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Northeastern State unveils veterans monument and plaza on Tahlequah campus

A new sculpture on Northeastern State University's Tahlequah campus is made up of six bronze figures representing different branches of the U.S. military.
NSU unveiled a new monument titled “NSU Veterans: Serving and Communicating through the Decades" on Veterans Day. The monument was created by Oklahoma sculptor Joel Randell and is located east of Seminary Hall on the NSU Tahlequah campus.

Northeastern State University unveiled its new veterans monument and plaza on Thursday.

Veterans, legislators, and higher education officials attended the public unveiling of “NSU Veterans: Serving and Communicating Through the Decades” east of Seminary Hall.

Oklahoma sculptor Joel Randell arranged six bronze figures representing each branch of the armed forces and those waiting at home around a representation of the world.

"May we as one people be worthy of those who sacrifice and serve to protect our freedoms," Randell said.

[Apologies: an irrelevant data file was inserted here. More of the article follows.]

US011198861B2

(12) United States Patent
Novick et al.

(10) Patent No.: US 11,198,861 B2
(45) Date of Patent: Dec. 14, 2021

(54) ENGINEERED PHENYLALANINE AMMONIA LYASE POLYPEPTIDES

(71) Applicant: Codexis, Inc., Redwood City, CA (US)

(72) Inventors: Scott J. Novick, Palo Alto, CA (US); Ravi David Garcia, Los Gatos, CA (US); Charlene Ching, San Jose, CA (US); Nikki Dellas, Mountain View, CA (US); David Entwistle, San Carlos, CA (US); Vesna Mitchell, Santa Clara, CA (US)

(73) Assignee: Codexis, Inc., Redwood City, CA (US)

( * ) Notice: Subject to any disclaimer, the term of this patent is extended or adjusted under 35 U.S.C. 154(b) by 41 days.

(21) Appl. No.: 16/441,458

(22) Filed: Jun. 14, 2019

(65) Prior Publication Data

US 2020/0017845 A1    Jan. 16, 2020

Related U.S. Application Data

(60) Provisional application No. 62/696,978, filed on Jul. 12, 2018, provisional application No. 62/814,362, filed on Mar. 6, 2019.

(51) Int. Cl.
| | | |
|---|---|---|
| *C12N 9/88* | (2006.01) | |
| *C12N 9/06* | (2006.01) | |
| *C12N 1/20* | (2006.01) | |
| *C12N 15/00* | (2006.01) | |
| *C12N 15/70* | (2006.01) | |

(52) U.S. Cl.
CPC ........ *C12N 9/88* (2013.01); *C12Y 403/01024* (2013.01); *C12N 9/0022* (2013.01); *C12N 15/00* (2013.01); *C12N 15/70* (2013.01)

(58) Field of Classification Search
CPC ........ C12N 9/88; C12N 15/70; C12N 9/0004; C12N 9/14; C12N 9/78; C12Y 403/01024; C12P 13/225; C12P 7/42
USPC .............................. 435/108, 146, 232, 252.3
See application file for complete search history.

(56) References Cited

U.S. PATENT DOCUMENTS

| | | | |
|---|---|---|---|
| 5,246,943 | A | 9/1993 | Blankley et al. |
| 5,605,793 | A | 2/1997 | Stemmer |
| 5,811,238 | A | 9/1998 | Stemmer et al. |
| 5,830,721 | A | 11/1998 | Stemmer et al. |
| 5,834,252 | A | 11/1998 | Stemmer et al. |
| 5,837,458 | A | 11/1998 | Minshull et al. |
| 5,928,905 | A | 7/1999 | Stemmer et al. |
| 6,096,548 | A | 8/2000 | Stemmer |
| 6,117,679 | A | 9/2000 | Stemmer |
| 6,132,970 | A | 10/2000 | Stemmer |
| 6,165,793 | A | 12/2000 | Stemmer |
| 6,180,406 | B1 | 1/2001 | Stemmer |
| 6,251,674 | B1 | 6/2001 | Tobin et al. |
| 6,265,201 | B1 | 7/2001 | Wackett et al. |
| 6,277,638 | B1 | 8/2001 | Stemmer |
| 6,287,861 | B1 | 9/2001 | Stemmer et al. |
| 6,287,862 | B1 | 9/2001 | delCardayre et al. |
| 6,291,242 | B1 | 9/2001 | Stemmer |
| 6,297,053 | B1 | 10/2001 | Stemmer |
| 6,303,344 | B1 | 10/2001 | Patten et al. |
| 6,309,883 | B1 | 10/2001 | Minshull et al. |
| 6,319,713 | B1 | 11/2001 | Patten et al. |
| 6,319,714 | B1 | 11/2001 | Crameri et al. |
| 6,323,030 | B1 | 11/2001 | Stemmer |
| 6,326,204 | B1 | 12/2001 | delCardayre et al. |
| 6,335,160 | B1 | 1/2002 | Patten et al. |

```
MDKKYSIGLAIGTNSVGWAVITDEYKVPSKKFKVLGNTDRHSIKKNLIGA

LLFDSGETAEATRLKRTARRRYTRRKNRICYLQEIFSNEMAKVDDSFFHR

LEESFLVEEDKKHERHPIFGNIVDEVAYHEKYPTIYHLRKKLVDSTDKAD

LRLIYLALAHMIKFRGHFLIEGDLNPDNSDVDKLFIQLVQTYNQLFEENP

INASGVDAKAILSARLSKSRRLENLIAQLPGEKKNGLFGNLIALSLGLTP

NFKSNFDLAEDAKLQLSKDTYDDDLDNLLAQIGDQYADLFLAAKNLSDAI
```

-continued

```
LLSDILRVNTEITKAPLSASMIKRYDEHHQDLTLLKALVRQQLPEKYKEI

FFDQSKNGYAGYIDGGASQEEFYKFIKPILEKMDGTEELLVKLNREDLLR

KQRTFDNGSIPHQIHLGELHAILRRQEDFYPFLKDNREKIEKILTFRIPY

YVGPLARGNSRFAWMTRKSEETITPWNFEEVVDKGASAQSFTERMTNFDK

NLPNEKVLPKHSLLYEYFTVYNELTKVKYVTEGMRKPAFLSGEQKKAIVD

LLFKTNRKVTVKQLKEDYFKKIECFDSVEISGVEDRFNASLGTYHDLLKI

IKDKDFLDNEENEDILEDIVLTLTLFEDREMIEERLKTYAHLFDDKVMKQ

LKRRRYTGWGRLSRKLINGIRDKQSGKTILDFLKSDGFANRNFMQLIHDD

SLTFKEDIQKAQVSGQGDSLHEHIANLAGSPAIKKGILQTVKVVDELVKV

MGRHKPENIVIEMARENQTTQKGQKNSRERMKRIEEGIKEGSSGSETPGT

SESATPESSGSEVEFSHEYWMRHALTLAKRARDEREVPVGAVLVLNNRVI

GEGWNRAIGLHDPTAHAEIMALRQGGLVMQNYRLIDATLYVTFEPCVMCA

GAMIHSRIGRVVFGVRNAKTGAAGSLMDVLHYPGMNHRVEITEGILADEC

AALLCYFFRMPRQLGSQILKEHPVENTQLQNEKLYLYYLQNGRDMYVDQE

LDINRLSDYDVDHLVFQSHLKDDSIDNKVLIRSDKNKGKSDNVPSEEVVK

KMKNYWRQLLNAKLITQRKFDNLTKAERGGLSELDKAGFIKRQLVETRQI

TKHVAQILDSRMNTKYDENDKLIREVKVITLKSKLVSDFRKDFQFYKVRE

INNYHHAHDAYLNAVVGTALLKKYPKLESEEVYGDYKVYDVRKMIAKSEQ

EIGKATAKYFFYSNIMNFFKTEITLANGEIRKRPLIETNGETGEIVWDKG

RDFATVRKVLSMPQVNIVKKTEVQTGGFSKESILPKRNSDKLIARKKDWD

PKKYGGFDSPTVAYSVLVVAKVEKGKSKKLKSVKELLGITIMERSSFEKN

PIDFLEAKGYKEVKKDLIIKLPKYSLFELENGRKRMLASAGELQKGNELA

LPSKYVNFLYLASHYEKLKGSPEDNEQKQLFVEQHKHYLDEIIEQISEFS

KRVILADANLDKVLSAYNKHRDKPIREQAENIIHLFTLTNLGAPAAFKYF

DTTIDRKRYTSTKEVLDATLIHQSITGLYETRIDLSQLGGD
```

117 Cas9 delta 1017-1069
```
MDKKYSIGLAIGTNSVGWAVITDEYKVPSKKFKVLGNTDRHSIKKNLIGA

Representing the Army is a WWI Cherokee Code Talker. A Vietnam War-era Marine trudging through a rice field was chosen to represent this branch. A Gulf War-era catapult officer, better known as a “Shooter” was chosen to represent the Navy as part of the monument. He is depicted providing the distinctive pose shooters make when signaling a pilot to take off.

A modern-day female officer represents the Air Force. She is shown walking with a flight helmet in hand having successfully completed another mission. In terms of rank, she is the highest-ranking officer on the monument.

The U.S. Coast Guard is also represented by a modern-day service member. He is depicted as being lowered from helicopter by cable, in a heroic effort to save someone from peril in the ocean.

At the center of monument, representing the home front and National Guard, is a woman carrying the American flag and holding a lamp high as a guide for the way home. The lamp lights up at night. At the top of the flag is a symbol to represent the newest branch of the military, the Space Force.

Randell's design was chosen by a presidential committee formed in 2018.

NSU's ties to the U.S. armed forces go back to World War I. The university currently has close to 300 veterans and their family members enrolled.

Matt Trotter joined KWGS as a reporter in 2013. Before coming to Public Radio Tulsa, he was the investigative producer at KJRH. His freelance work has appeared in the Los Angeles Times and on MSNBC and CNN.